December 14th, 2008
PURE GOLD: A LOT CAN CHANGE IN 40 YEARS.by Ed Gold
Yes, we did!
We changed the face of America on Nov. 4th, both literally and figuratively. When they play “Hail to the Chief” on Jan. 20th a tall, lanky black man will take center stage for all the world to see.
Ridiculed by the Republicans as a “community organizer,” Barack Obama put together the most expensive, technically advanced, best organized campaign for the Presidency in the nation’s his- tory.
He eradicated the red state myth, capturing the heart of the Confederacy, key pieces of the hard conservative Midwest and chunks of the rugged frontier Far West.
Virginia and North Carolina fell, along with Ohio, Indiana and Iowa, followed by New Mex- ico, Colorado and Nevada. And, of course, he took Florida, despite the robocalls that told Floridians he was Castro’s pal.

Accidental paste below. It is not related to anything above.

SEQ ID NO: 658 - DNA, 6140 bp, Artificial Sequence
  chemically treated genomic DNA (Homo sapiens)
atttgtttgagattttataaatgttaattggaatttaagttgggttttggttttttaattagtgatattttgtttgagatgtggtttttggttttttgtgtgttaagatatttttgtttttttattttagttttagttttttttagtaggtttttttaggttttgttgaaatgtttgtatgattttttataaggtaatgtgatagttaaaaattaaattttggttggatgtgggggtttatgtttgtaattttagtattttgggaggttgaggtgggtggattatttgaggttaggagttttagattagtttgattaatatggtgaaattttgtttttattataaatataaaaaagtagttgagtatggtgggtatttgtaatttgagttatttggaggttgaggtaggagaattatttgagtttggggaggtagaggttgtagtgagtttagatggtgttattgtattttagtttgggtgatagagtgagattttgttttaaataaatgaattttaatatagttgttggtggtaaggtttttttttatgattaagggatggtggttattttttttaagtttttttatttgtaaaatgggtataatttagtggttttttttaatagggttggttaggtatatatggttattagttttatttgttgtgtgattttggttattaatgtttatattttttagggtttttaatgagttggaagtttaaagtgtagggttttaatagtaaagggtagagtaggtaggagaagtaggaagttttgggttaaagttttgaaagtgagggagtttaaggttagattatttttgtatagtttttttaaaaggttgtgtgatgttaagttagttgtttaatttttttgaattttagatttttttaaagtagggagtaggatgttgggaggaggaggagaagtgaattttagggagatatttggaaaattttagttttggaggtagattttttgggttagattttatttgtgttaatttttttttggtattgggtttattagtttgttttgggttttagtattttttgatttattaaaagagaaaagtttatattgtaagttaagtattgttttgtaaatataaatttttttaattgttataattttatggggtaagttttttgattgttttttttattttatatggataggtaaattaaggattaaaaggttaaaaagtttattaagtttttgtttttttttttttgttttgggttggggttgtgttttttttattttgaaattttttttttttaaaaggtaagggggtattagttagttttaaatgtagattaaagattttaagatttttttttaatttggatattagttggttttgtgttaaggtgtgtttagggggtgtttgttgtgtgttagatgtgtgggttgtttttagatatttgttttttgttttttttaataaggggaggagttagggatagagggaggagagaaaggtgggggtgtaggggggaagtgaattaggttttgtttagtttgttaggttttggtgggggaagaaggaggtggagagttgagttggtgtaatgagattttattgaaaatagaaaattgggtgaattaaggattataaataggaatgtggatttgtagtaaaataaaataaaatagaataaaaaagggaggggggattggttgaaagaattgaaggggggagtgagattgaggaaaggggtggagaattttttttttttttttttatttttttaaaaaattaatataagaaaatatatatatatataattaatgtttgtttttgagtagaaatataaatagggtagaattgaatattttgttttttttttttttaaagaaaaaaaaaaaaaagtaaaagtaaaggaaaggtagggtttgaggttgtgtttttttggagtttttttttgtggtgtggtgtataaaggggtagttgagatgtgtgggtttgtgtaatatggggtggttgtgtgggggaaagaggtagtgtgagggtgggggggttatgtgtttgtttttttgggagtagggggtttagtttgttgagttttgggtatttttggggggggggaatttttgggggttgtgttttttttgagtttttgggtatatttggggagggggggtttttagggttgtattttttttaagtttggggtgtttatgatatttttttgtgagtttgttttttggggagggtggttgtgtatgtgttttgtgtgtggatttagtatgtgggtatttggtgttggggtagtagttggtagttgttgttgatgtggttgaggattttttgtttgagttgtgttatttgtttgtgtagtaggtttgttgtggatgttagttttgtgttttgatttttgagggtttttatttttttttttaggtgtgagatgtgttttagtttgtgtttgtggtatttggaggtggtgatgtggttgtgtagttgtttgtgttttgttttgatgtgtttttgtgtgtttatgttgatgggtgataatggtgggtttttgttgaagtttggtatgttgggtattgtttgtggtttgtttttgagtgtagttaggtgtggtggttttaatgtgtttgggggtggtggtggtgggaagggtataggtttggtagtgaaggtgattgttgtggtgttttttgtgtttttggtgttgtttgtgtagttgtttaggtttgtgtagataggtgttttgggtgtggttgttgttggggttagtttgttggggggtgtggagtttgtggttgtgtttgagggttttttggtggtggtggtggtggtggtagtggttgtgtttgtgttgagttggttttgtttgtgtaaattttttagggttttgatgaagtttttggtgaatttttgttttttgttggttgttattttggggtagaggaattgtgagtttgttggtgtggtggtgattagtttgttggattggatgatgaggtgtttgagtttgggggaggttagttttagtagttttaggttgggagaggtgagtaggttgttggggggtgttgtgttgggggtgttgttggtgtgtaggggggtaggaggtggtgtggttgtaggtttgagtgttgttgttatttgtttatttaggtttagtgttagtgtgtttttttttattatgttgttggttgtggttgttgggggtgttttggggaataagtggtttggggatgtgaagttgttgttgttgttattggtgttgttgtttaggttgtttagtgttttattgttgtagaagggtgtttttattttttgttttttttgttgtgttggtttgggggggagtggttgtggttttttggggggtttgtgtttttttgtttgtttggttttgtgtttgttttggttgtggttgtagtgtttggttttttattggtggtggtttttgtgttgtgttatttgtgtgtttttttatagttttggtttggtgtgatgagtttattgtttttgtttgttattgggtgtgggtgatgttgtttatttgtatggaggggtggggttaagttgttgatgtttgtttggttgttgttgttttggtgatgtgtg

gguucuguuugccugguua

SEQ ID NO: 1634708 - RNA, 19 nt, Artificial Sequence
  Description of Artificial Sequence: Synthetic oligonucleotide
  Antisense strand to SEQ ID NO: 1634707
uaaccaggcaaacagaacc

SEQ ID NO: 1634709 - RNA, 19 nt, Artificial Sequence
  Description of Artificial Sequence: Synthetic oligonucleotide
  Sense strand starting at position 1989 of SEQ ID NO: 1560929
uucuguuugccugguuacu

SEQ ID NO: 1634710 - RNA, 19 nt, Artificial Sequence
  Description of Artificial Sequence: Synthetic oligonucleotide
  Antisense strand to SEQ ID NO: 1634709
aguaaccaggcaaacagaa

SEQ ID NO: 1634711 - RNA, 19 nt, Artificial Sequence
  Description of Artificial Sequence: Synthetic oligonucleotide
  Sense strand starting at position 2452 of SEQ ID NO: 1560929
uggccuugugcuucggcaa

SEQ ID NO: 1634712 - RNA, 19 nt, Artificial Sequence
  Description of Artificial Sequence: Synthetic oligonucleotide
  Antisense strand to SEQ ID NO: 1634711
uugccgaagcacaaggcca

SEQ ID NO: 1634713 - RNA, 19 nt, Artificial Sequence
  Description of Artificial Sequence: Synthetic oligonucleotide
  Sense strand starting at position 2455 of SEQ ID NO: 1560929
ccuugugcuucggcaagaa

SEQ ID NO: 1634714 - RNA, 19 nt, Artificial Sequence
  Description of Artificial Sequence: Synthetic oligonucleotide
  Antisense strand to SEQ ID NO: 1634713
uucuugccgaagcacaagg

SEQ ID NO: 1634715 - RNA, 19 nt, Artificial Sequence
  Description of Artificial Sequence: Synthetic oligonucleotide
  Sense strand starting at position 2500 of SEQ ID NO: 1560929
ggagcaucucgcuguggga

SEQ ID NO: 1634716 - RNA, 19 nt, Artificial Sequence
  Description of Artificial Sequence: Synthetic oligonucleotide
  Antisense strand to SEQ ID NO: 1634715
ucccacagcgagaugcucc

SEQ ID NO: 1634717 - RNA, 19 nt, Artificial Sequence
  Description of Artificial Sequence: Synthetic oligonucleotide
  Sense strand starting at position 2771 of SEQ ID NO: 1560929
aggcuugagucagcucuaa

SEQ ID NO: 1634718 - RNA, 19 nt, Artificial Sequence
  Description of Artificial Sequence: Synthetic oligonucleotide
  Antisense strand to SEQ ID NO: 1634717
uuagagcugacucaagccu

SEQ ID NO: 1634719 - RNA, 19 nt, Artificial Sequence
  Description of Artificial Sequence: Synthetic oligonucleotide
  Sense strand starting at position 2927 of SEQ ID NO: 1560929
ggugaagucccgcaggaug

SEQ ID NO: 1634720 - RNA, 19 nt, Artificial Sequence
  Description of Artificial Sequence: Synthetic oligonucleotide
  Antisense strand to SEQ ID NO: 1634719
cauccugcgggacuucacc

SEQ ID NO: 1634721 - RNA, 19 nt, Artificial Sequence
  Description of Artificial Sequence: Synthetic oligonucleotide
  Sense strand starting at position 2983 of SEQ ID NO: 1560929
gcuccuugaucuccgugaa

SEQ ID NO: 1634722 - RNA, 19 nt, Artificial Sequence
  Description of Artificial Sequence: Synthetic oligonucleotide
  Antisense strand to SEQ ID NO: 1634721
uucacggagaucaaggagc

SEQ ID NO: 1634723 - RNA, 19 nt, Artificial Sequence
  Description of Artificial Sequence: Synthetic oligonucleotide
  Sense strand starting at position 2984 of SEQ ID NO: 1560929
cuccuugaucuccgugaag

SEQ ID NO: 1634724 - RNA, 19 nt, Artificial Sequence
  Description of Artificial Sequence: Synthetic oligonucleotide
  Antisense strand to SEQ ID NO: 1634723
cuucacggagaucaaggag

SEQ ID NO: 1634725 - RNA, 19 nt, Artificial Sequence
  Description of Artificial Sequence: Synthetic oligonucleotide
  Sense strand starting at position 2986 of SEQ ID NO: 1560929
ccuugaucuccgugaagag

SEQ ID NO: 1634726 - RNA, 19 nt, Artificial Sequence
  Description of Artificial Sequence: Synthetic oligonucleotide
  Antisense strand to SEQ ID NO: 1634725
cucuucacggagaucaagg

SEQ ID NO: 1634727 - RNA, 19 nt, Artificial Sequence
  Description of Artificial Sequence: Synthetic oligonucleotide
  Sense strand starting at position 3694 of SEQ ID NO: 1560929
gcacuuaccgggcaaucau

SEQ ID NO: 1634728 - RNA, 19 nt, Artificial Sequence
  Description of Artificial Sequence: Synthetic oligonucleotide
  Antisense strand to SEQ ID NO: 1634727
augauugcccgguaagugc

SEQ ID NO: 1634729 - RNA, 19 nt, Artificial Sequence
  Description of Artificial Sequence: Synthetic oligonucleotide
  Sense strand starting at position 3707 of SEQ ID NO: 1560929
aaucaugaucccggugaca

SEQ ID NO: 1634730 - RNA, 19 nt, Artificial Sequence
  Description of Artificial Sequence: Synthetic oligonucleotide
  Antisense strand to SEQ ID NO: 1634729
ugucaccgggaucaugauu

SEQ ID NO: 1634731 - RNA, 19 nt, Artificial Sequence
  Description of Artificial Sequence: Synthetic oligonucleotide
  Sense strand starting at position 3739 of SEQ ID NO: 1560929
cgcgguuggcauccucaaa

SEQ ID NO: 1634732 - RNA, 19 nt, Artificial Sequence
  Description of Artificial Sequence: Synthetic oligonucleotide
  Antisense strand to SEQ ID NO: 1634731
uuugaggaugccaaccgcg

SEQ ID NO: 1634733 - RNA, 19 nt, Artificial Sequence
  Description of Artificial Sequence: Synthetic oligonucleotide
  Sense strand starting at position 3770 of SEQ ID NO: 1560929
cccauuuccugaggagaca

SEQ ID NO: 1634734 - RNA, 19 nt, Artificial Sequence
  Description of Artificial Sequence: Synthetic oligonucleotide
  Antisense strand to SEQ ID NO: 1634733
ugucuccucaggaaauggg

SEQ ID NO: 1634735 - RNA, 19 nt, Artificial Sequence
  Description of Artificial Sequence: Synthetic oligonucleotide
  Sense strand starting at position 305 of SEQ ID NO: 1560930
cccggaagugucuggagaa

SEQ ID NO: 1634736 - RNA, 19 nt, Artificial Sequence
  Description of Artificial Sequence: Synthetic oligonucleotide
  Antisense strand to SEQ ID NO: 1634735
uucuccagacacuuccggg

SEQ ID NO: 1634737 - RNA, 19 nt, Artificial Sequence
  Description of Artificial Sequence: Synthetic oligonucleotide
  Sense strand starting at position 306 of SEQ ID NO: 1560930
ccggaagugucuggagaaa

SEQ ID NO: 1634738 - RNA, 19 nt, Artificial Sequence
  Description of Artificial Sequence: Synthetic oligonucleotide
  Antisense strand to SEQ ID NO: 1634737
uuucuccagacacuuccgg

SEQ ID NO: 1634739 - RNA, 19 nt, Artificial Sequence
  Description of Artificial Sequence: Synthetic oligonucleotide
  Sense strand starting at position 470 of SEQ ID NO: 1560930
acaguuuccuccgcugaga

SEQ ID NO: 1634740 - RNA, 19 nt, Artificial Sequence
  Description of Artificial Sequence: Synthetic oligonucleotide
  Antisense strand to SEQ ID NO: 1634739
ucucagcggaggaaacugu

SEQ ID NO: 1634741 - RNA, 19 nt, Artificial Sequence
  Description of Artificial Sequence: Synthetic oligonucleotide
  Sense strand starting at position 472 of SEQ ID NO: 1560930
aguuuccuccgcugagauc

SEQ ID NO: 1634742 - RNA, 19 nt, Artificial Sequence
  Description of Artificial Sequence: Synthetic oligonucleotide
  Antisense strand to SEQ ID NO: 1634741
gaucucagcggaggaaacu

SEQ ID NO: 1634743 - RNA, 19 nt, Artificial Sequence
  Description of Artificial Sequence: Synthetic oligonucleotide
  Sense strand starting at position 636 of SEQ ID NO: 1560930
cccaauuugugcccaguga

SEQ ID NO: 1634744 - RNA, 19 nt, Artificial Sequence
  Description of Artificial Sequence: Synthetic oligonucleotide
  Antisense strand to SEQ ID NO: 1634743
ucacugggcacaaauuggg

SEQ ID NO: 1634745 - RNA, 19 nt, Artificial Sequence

Along the way, he doubled John McCain’s electoral votes, helped bring a record 124,398,550 to the polls, (many first time voters) took the pop- ular vote by six percent, and saw his party add at least 24 seats to its majority in the Senate and at least 19 to its House majority.
The attempt by the Republicans to turn a single blue state wound up in the sewer as Obama swept Pennsylvania by ten points.
Republican control was virtually reduced to the Deep South and the Bible Belt.
In fact, the party of Lincoln lost its last Con- gressional seat in New England when the only moderate, Christopher Shays of Connecticut, bit the dust.
The campaign skills in the Obama sweep were demonstrated early on Nov, 5th when an e-mail arrived which began: “Ed—I’m about to head to Grant Park to talk to everyone gathered there, but I wanted to write to you first. We just made his- tory..” He continued: “All this happened because of you. Thank you. Barack.”
At least 3 million similar messages must have been sent to campaign donors. The Chicago orga- nizer didn’t miss a beat.
Put to rest in this historic election was the so- called Bradley Effect—white voters who polled for the black, then voted for the white.